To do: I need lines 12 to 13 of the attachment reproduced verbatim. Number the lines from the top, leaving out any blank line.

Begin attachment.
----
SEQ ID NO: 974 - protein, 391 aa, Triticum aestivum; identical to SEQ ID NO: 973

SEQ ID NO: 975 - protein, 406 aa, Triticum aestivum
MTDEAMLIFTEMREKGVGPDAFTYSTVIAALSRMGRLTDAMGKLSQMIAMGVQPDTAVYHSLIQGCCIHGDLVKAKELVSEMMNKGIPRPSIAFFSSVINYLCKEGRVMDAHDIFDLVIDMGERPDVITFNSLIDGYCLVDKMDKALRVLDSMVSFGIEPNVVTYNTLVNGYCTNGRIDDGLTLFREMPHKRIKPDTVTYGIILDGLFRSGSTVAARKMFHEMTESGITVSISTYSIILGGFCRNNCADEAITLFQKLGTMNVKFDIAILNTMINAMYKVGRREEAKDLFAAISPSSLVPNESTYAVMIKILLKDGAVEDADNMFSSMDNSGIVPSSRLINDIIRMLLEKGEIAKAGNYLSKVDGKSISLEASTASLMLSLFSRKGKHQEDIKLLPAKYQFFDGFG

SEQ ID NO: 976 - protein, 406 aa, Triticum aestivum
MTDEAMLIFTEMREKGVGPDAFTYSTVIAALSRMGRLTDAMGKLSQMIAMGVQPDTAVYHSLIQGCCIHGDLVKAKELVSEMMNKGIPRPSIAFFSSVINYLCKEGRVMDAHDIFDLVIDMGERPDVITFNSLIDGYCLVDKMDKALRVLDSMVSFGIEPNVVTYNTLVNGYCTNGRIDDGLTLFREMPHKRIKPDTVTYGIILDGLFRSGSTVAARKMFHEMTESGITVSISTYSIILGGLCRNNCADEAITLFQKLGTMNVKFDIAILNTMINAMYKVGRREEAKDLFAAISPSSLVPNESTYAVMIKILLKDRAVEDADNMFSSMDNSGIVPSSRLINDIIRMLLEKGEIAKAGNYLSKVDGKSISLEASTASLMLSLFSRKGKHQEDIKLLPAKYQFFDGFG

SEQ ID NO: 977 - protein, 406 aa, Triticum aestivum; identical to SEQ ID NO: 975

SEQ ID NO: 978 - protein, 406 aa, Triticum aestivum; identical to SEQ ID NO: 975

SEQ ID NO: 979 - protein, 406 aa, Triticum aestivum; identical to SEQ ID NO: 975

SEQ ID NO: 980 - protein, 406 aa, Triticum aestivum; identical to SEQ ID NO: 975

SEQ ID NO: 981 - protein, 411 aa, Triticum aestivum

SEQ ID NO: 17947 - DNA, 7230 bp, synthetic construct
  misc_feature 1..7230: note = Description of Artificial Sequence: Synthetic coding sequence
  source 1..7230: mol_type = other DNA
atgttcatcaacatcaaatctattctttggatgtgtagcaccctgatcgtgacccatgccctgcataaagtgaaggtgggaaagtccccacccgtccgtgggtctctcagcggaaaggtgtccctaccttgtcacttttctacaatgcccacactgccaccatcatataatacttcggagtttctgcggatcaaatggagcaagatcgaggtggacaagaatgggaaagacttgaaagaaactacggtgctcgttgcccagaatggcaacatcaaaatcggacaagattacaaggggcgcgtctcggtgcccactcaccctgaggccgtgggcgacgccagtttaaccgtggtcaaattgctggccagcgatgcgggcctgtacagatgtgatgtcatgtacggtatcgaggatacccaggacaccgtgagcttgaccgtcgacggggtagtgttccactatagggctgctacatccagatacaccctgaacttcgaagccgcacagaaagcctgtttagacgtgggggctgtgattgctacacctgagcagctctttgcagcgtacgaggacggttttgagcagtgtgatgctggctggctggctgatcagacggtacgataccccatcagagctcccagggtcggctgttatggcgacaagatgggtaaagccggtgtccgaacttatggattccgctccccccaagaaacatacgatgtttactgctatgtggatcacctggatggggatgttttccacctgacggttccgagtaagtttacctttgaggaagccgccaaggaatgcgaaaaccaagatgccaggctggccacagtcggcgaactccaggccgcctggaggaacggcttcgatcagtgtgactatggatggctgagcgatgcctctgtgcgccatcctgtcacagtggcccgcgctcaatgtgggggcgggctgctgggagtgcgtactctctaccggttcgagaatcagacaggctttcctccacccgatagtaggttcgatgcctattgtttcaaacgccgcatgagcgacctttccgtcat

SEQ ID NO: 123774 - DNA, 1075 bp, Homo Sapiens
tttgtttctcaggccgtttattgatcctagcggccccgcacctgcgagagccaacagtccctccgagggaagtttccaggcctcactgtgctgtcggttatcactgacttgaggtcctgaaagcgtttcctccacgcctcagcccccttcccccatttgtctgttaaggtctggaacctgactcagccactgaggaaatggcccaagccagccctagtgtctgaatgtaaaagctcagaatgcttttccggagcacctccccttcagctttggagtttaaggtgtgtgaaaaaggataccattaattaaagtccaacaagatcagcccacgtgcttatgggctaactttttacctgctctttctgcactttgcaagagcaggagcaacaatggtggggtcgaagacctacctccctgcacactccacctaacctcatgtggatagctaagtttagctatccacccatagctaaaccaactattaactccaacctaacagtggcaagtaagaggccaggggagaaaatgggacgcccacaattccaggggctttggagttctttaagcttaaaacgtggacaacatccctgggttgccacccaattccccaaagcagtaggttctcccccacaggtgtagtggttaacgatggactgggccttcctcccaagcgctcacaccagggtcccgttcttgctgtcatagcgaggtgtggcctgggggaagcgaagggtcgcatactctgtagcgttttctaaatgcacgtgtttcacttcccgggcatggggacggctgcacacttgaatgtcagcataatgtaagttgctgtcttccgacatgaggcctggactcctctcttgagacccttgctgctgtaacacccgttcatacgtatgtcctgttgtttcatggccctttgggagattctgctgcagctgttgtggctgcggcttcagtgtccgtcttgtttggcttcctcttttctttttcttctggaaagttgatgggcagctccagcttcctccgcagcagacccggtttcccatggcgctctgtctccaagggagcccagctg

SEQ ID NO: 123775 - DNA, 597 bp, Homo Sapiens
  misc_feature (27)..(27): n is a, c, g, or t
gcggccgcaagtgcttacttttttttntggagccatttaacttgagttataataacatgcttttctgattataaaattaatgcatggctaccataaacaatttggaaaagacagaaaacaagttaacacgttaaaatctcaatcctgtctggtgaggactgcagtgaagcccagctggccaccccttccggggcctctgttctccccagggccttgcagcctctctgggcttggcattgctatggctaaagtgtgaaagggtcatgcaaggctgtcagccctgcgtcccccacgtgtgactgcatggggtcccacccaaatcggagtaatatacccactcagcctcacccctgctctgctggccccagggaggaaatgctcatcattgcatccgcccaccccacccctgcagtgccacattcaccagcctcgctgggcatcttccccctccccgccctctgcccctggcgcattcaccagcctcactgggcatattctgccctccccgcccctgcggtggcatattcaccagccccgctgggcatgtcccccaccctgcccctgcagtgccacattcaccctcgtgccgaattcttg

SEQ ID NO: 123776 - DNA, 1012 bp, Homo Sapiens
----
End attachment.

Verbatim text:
  misc_feature 1..7230: note = Description of Artificial Sequence: Synthetic coding sequence
  source 1..7230: mol_type = other DNA